Horology icon smashes auction records

Lifestyle — 06.01.18 BY Dellvin Roshon Williams

Having delivered on such wonderfully iconic chronographs as the Submariner, the GMT-Master and the Explorer, Rolex’s early sixties foray into sports watches was met with a more muted response. It was not until the mid-1960s that the Daytona series began to gain traction among high-performance racing enthusiasts. Much to Rolex’s chagrin, however, the timeless sophistication of its tri-coloured, tri-dimensional, Singer-designed ‘exotic’ dials got lost in translation. Despite what was then considered to be a monumental failure, the legendary series made a roaring comeback in the 1980s — thanks, no less to the 1988 Habsburg Feldman catalogue.

Worn and owned by the legendary actor himself on the set of his 1969 film ‘Winning’, the 6239 is the most authentic of the eponymous collection. At 37mm in diameter, the original Paul Newman is fitted with push-down chronograph buttons, steel bezel, black dial with white sub-registers, and a Rolex Valjoux 722 calibre, beating at 18,000 vibrations per hour. Newman’s Rolex Cosmograph has “Daytona” exactly above the register at 6 o’clock.

“Pop handed James his Rolex and said, ‘If you can remember to wind this each day, it tells pretty good time.’”

But what added to its value at auction, is its interesting back story, which made it irresistible to collectors from many different areas. Newman’s wife, the actress Joanne Woodward, bought him the Daytona as a gift in 1972, just as his interest in racing took off. The heartfelt message ‘Drive Carefully’ signed ‘Me’ is engraved on the back. He wore it for years, and even used the watch to time the 24 Hours of Le Mans.

Newman’s daughter Nell was dating James Cox in the mid-1980s, and one day while they were building a tree house, Newman asked Cox the time. The latter replied that he didn’t own a watch. As Nell relates:



James held onto the watch, long believed lost. Last spring he contacted renowned auctioneer Aurel Bacs about selling the Holy Grail of vintage watches. The rest, as they say, is history. Ref. 6239 rewrote record books.

With the huge press coverage this timepiece has received since the auction, it’s easy to forget that the Paul Newman “Paul Newman” is one of a family of Paul Newmans. Ref. 6241, for instance, is identical to ref. 6239. It has the same Valjoux 722 calibre, white dial and black sub-registers, and push-down chronograph buttons with one addition: a black acrylic bezel. While ref. 6262 is identical to the 6239, ref. 6262 comes with an upgraded Valjoux 727 clocking 21,600 vibrations per hour. Quintessentially vintage, the 6241 is one of the most talked about assets in the collection.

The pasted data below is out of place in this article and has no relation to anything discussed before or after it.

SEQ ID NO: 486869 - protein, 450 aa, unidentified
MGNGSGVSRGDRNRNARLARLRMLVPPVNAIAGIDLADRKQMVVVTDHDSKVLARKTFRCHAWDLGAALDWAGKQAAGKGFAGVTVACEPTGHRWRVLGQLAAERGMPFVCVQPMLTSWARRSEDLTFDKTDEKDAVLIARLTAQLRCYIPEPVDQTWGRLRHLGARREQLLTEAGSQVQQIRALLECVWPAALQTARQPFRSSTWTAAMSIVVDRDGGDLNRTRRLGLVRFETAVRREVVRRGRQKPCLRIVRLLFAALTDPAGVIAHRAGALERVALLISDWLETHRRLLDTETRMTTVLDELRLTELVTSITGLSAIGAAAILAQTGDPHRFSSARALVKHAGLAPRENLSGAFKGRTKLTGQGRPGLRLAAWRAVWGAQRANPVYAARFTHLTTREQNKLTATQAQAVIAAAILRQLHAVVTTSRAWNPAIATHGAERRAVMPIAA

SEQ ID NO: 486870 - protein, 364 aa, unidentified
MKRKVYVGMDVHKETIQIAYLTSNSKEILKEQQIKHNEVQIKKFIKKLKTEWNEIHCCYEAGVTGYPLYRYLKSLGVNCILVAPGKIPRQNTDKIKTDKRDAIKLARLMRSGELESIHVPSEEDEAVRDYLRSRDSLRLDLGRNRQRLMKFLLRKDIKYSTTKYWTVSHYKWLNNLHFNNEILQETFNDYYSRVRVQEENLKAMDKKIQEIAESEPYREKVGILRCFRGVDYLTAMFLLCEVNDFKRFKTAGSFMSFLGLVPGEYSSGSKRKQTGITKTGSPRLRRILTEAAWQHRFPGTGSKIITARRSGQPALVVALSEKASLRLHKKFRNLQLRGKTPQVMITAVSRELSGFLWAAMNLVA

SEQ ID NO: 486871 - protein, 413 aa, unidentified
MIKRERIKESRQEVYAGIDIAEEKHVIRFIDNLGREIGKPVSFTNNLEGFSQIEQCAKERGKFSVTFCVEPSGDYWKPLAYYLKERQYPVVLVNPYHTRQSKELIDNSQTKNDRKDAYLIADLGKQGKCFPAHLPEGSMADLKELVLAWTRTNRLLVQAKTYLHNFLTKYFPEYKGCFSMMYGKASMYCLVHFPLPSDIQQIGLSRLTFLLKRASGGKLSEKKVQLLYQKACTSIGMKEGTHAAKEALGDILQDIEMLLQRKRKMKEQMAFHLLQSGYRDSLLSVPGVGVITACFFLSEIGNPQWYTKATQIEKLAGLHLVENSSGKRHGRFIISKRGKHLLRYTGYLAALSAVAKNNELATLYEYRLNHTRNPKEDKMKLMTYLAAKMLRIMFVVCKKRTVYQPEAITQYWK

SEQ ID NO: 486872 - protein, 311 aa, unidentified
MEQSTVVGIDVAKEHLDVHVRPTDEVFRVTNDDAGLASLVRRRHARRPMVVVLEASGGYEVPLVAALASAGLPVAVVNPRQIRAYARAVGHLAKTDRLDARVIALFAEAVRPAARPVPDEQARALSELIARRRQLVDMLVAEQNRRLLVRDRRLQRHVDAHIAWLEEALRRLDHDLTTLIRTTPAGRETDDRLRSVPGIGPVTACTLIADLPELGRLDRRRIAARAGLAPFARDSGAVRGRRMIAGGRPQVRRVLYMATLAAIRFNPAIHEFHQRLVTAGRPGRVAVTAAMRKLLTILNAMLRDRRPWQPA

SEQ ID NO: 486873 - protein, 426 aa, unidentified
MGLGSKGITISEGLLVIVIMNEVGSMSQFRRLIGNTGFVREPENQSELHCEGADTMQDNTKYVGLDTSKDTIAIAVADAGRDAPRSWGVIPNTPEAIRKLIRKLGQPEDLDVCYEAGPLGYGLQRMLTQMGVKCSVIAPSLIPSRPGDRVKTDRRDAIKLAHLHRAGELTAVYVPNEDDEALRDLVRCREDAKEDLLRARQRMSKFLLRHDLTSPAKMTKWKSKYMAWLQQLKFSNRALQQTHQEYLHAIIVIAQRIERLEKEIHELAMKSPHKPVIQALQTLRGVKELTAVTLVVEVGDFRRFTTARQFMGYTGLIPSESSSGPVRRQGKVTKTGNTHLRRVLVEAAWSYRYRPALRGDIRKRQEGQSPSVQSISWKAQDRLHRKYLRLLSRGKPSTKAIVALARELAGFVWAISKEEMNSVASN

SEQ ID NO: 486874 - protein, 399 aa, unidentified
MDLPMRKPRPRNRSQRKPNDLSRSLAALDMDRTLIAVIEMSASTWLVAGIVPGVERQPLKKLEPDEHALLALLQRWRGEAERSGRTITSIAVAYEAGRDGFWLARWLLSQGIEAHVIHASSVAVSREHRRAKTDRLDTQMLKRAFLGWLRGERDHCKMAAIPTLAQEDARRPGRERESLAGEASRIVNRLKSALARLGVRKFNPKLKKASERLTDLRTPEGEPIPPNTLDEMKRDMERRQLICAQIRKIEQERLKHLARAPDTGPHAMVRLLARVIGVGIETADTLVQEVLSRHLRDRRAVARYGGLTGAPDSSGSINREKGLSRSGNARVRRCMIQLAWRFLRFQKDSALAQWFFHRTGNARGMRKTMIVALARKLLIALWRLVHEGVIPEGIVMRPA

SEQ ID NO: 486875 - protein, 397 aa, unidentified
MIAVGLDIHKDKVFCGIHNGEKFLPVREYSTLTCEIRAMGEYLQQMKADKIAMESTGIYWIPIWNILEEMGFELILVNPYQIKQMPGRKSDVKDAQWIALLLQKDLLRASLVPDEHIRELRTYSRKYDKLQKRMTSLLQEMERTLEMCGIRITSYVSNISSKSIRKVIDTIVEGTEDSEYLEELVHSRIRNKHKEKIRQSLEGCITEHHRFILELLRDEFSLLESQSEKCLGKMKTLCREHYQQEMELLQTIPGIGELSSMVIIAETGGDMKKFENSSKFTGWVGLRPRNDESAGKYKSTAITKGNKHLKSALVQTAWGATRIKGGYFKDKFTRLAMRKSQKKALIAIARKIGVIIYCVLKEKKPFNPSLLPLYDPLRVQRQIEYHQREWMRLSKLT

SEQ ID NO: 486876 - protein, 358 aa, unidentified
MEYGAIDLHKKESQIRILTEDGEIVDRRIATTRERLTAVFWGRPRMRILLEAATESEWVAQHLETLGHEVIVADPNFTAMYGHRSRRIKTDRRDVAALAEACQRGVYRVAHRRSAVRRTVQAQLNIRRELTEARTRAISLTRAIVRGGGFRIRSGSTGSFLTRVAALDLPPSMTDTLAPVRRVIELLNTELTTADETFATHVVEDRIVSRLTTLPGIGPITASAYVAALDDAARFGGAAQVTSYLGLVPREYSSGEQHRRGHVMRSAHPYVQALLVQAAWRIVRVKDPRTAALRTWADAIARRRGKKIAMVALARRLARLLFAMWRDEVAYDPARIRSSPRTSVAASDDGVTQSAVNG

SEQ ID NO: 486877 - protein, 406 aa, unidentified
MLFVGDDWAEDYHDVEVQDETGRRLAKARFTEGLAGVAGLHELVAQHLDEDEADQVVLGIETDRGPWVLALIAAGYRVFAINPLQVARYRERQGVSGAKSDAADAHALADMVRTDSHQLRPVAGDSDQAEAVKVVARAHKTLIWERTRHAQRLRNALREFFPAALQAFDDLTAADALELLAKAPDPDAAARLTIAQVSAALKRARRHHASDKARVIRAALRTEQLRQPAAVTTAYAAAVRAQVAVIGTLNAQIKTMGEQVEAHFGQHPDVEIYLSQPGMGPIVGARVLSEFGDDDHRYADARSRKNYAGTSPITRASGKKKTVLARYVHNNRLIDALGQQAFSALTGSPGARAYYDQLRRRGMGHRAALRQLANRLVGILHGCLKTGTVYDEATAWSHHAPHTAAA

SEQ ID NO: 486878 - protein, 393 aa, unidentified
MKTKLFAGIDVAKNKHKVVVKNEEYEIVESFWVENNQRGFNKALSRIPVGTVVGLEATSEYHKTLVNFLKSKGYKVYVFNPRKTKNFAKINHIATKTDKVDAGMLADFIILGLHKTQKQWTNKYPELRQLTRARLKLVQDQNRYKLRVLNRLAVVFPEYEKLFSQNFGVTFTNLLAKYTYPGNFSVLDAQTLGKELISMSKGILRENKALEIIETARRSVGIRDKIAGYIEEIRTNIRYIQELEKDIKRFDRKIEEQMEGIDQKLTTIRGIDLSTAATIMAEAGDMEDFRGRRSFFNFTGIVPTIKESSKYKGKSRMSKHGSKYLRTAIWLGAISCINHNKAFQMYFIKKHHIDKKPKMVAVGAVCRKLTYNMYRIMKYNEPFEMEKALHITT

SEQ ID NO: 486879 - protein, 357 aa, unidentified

However, it is the 6263 and 6265 watches that have proven most valuable in the Daytona series — at least until now. The specialness of the Rolex Cosmograph Oyster ref. 6265 and ref. 6263, is attributed to their rarity. However, here’s the strange deal: there is no 6265 Paul Newman Daytona, as such; the 6265 is fitted with a graduated stainless steel bezel, a thicker
‘Oyster’ casing and a ‘traditional’ Panda dial and screw-down rather than pump pushers; and the word ‘Daytona’ doesn’t appear above the 6 o’clock mark.

The belle of the ball, the Rolex Cosmograph ref. 6263 with white dial and black sub-registers, is the second-most coveted, and second-most expensive of Paul Newman Daytonas; and although the 6263 is identical to the 6265 — Valjoux 727 and screw-downs, you’d be hard pressed to find a 6263 black dial Paul Newman with “ROC” signature.

Unabashedly transcendent, Paul Newman’s Paul Newman “Daytona” Rolex has proven to be just as priceless as the legacy of the man himself. Lucky owner, Cox has vowed to donate a significant proportion of the proceeds to the Nell Newman Foundation, a charity that carries on her father’s philanthropy efforts.

So, the Paul Newman legacy, and legend, lives on.